July 1, 2020 at 5:49 pm EDT | by Lou Chibbaro Jr.
D.C. police won’t probe ‘mob’ attack on trans woman until victim found
shooting, DC Eagle, assault, hate crime, anti-gay attack, police discrimination, sex police, Sisson, gay news, Washington Blade

D.C. police on Wednesday said they would not immediately open an investigation into a report by an eyewitness that a “mob” of about 20 young men attacked and repeatedly punched a transgender woman of color while shouting anti-trans insults about 10:15 p.m. Saturday, June 20, on the 1200 block of U Street, N.W.

The witness, nearby resident Andrea Earls, posted on Facebook and later told the Washington Blade she ran into the crowd attacking the trans woman and shouted for the assailants to stop while she hailed a taxi cab that enabled her to help the trans woman escape from the attackers by entering the cab.

Earls said she regrets not calling the 911 police emergency number at the time of the incident and she was unable to obtain the name or contact information of the victim.

Police have said no one contacted them about the incident until the Blade inquired about the incident with the police press office and asked whether MPD would attempt to determine if nearby surveillance cameras captured the attack on video.

“If MPD is able to confirm with the victim that a crime occurred and they would like police assistance, then we can build the investigation, which includes obtaining video surveillance,” said police spokesperson Alaina Gertz in an email to the Blade. “At this time, we are unable to identify a victim in this case to open an investigation,” Gertz said.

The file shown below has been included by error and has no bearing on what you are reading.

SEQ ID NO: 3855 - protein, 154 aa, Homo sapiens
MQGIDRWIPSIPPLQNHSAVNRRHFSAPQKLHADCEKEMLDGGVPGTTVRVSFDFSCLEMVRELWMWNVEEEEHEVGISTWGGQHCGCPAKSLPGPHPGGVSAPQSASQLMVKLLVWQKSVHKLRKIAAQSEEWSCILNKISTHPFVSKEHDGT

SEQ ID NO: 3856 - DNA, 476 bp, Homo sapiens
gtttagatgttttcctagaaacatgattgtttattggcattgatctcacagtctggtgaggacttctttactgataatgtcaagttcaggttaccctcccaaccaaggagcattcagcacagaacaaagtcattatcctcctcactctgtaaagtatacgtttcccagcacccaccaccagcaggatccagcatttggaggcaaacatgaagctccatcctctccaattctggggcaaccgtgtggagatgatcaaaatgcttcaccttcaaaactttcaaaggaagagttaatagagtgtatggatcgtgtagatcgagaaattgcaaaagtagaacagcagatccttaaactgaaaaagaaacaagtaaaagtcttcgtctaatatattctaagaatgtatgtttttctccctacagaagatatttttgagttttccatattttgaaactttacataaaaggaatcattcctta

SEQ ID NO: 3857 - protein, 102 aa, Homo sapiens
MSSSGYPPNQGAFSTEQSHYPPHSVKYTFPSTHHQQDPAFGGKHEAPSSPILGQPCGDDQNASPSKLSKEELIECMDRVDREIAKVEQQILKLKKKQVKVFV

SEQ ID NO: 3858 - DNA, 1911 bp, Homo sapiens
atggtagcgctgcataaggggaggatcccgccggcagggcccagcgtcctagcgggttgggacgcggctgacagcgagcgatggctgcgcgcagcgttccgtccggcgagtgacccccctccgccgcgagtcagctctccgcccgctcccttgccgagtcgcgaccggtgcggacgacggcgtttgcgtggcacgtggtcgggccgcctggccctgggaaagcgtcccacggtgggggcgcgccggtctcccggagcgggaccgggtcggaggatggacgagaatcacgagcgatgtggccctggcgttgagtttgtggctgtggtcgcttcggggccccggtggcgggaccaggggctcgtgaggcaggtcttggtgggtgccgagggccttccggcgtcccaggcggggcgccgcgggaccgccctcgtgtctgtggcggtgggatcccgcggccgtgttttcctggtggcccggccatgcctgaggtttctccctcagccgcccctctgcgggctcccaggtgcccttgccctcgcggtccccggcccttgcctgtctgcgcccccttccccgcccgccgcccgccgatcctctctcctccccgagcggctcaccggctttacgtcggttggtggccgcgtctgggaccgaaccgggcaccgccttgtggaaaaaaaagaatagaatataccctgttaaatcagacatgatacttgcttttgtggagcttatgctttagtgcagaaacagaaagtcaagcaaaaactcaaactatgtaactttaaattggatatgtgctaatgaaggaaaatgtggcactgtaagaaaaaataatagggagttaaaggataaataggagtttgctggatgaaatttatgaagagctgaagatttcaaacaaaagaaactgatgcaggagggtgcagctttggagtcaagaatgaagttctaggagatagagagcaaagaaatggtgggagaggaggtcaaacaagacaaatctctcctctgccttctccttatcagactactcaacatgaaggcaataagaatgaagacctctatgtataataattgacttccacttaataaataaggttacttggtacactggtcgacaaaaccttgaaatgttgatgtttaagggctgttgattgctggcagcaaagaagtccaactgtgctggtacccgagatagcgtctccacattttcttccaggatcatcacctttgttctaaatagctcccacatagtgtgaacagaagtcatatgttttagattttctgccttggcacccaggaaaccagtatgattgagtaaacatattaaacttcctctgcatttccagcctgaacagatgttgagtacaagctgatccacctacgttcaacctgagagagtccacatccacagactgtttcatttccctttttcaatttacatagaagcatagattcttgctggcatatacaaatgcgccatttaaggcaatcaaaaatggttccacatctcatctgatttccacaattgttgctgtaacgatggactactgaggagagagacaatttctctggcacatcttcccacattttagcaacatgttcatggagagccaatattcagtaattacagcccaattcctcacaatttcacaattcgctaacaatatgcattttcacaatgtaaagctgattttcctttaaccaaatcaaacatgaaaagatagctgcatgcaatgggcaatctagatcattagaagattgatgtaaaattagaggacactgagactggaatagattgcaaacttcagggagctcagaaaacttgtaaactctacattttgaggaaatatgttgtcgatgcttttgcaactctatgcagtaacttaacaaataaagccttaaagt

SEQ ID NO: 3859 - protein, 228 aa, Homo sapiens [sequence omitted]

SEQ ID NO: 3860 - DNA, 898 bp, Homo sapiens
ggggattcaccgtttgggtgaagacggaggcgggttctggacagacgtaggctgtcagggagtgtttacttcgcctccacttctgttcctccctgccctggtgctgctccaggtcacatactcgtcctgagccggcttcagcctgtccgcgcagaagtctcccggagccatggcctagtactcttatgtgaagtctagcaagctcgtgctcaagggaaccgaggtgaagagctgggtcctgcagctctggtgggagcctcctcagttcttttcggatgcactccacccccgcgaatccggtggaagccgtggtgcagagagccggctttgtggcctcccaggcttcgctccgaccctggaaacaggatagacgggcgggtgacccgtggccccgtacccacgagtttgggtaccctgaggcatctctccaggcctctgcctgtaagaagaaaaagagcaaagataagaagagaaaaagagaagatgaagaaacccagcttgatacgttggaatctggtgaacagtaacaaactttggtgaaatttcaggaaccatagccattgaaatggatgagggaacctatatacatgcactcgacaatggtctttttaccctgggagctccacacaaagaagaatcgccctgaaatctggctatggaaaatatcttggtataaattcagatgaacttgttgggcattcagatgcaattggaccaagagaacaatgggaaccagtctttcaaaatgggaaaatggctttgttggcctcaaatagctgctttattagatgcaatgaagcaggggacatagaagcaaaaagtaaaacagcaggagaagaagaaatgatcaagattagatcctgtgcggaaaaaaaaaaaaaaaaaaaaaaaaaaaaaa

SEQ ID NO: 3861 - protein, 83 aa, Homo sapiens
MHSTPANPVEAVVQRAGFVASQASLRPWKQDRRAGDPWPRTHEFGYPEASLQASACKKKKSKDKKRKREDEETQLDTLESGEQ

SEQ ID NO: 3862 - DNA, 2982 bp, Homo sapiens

Earls told the Blade she was walking home from a 7-Eleven store at 12th and U Streets, N.W. about 10:15 p.m. on June 20 when she saw the attack on the trans woman unfolding on the sidewalk in front of Ben’s Chili Bowl restaurant at 1213 U St., N.W. The Ben’s website says it closes at 9 p.m. on Fridays and Saturdays.

“I jumped in and got between her and the men,” Earls said in a Facebook post. She said she shouted and motioned for a cab to stop on U Street and she was eventually able to help the victim enter the cab, which drove off to an unknown destination.

In a follow-up Facebook post, Earls expressed disappointment over the police response.

“The police from the LGBT [Liaison Unit] interviewed me,” she wrote. “I repeated what I witnessed and reiterated my account,” she wrote, adding that the officers thanked her for being a good citizen and “walked away.”

Lou Chibbaro Jr. has reported on the LGBT civil rights movement and the LGBT community for more than 30 years, beginning as a freelance writer and later as a staff reporter and currently as Senior News Reporter for the Washington Blade. He has chronicled LGBT-related developments as they have touched on a wide range of social, religious, and governmental institutions, including the White House, Congress, the U.S. Supreme Court, the military, local and national law enforcement agencies and the Catholic Church. Chibbaro has reported on LGBT issues and LGBT participation in local and national elections since 1976. He has covered the AIDS epidemic since it first surfaced in the early 1980s. Follow Lou

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